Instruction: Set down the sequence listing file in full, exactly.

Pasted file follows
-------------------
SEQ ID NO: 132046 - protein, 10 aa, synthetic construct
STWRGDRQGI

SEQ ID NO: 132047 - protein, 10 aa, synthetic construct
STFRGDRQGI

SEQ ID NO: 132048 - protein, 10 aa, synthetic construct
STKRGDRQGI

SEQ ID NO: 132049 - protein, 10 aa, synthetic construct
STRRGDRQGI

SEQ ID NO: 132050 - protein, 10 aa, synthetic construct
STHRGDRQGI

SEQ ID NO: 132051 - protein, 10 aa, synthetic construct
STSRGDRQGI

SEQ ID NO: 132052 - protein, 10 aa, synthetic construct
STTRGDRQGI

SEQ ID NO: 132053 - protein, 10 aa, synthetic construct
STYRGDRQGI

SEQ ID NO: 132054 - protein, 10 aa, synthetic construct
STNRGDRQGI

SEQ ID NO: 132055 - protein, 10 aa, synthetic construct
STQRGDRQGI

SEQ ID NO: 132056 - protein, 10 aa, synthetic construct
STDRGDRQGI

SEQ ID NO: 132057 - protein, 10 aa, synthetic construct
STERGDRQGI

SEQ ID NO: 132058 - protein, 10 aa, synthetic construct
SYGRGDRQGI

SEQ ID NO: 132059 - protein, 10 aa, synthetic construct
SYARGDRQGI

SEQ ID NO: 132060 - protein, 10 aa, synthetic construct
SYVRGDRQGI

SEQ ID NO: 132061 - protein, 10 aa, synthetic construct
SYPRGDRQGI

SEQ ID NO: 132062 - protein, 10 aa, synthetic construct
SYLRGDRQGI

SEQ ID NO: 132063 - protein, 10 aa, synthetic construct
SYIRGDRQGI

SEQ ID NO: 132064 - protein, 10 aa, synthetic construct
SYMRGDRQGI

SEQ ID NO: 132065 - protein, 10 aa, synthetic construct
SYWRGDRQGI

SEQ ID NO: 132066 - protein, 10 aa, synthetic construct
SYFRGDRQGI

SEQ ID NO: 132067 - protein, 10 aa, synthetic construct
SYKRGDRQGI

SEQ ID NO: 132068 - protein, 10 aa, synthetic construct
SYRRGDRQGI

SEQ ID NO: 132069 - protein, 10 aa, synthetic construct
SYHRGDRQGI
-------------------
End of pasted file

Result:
SEQ ID NO: 132046 - protein, 10 aa, synthetic construct
STWRGDRQGI

SEQ ID NO: 132047 - protein, 10 aa, synthetic construct
STFRGDRQGI

SEQ ID NO: 132048 - protein, 10 aa, synthetic construct
STKRGDRQGI

SEQ ID NO: 132049 - protein, 10 aa, synthetic construct
STRRGDRQGI

SEQ ID NO: 132050 - protein, 10 aa, synthetic construct
STHRGDRQGI

SEQ ID NO: 132051 - protein, 10 aa, synthetic construct
STSRGDRQGI

SEQ ID NO: 132052 - protein, 10 aa, synthetic construct
STTRGDRQGI

SEQ ID NO: 132053 - protein, 10 aa, synthetic construct
STYRGDRQGI

SEQ ID NO: 132054 - protein, 10 aa, synthetic construct
STNRGDRQGI

SEQ ID NO: 132055 - protein, 10 aa, synthetic construct
STQRGDRQGI

SEQ ID NO: 132056 - protein, 10 aa, synthetic construct
STDRGDRQGI

SEQ ID NO: 132057 - protein, 10 aa, synthetic construct
STERGDRQGI

SEQ ID NO: 132058 - protein, 10 aa, synthetic construct
SYGRGDRQGI

SEQ ID NO: 132059 - protein, 10 aa, synthetic construct
SYARGDRQGI

SEQ ID NO: 132060 - protein, 10 aa, synthetic construct
SYVRGDRQGI

SEQ ID NO: 132061 - protein, 10 aa, synthetic construct
SYPRGDRQGI

SEQ ID NO: 132062 - protein, 10 aa, synthetic construct
SYLRGDRQGI

SEQ ID NO: 132063 - protein, 10 aa, synthetic construct
SYIRGDRQGI

SEQ ID NO: 132064 - protein, 10 aa, synthetic construct
SYMRGDRQGI

SEQ ID NO: 132065 - protein, 10 aa, synthetic construct
SYWRGDRQGI

SEQ ID NO: 132066 - protein, 10 aa, synthetic construct
SYFRGDRQGI

SEQ ID NO: 132067 - protein, 10 aa, synthetic construct
SYKRGDRQGI

SEQ ID NO: 132068 - protein, 10 aa, synthetic construct
SYRRGDRQGI

SEQ ID NO: 132069 - protein, 10 aa, synthetic construct
SYHRGDRQGI